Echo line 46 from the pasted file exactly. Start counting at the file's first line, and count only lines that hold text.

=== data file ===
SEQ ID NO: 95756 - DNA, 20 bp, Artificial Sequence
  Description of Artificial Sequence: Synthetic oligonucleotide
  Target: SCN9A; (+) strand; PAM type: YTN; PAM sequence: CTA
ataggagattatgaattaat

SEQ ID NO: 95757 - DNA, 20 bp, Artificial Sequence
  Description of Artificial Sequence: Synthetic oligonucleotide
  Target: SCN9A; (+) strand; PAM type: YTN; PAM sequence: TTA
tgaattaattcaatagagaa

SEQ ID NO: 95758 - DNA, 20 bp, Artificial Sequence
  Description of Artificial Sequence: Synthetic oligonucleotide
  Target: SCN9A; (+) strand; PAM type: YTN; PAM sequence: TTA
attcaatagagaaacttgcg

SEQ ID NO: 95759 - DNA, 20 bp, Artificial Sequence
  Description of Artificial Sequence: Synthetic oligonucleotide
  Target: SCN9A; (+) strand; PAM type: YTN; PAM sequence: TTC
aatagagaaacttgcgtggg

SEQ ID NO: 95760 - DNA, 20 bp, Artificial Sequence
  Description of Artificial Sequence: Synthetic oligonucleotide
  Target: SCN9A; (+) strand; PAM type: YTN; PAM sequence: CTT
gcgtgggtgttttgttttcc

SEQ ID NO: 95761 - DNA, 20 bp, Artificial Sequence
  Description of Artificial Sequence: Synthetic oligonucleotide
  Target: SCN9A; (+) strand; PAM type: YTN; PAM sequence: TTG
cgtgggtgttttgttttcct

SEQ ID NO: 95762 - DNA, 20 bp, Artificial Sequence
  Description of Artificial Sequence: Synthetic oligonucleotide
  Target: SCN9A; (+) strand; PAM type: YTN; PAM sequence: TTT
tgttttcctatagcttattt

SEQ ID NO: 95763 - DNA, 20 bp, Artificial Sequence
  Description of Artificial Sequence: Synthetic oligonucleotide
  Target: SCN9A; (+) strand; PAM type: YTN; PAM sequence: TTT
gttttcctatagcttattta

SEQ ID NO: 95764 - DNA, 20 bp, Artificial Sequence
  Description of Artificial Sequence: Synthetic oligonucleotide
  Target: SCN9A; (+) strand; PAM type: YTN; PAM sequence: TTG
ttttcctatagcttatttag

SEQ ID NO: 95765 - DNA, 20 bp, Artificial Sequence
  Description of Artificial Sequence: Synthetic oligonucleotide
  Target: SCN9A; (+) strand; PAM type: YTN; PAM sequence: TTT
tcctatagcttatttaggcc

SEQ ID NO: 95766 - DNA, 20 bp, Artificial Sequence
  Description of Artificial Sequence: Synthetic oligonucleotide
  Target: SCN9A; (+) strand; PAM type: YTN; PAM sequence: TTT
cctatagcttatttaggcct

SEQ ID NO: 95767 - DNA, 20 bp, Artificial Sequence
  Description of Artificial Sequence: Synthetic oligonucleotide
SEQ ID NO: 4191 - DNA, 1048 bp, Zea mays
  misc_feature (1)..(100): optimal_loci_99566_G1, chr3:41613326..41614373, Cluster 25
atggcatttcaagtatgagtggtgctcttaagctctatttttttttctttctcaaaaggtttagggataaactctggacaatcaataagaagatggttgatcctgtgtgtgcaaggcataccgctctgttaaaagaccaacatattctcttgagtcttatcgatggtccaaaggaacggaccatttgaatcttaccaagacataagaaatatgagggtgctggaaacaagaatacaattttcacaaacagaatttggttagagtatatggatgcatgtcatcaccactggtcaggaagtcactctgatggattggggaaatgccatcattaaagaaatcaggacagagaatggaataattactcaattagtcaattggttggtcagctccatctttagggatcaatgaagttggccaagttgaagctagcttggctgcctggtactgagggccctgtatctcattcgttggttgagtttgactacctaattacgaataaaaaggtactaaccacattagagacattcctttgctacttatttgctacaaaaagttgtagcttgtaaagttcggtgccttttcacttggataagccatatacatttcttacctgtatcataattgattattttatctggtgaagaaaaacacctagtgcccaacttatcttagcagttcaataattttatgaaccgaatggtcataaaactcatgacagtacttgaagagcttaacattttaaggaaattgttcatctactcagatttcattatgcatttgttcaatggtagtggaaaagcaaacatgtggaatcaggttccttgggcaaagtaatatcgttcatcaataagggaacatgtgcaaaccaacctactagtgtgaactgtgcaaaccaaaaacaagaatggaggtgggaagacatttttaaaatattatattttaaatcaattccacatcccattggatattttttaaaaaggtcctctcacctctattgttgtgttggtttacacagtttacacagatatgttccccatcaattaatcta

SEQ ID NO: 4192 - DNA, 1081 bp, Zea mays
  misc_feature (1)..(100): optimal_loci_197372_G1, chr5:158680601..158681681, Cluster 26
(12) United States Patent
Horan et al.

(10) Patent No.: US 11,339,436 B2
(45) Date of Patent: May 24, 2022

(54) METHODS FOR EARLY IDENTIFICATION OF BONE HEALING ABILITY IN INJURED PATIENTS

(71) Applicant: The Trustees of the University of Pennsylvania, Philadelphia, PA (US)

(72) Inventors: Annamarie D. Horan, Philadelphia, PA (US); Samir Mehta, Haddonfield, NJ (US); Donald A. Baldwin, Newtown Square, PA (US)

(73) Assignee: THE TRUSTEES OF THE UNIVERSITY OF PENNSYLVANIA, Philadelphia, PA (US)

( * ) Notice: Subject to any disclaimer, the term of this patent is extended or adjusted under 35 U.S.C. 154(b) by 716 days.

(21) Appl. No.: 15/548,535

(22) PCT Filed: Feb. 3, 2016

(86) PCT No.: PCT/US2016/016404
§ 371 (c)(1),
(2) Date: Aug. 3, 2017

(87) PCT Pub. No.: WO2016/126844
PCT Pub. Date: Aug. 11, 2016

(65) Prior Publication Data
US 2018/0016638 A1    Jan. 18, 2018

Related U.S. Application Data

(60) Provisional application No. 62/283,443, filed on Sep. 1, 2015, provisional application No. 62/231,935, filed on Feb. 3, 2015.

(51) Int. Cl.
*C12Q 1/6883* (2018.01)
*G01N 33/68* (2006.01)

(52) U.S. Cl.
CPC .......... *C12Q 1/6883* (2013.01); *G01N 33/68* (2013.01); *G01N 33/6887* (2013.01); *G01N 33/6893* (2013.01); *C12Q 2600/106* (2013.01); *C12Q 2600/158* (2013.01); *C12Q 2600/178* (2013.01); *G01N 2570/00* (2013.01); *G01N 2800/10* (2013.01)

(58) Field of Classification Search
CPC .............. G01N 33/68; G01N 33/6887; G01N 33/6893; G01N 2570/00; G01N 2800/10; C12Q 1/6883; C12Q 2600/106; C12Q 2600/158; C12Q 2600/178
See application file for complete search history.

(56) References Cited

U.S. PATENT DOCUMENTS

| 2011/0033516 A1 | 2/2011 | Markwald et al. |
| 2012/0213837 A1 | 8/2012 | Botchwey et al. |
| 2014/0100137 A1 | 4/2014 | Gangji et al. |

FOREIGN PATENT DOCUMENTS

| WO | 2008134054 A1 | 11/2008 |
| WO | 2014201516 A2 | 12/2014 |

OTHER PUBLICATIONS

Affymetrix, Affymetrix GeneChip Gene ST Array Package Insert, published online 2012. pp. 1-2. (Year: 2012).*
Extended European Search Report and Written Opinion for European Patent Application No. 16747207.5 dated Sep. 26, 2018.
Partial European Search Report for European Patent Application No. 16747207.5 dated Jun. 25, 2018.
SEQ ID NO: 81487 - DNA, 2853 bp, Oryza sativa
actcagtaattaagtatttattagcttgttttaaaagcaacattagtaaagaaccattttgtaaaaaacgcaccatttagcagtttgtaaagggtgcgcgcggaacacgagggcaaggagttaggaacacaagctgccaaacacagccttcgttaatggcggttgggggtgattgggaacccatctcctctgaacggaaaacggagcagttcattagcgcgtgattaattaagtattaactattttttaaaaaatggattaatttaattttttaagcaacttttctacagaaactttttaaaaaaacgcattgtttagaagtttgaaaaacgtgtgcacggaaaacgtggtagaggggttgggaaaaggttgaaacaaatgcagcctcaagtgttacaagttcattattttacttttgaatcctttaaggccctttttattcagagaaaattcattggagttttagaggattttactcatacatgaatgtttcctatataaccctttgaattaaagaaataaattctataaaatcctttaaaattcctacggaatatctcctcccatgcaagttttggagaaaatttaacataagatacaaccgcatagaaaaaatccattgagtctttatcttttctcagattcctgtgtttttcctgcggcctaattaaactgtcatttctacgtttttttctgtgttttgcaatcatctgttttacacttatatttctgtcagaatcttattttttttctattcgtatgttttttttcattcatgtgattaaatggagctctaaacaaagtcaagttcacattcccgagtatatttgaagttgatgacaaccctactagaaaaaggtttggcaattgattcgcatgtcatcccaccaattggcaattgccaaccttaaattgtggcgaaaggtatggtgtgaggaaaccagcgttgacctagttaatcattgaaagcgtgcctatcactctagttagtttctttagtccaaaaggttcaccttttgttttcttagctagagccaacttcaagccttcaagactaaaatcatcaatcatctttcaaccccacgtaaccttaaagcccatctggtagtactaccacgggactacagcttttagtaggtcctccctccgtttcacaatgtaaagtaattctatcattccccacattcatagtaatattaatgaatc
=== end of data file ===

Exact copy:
  Description of Artificial Sequence: Synthetic oligonucleotide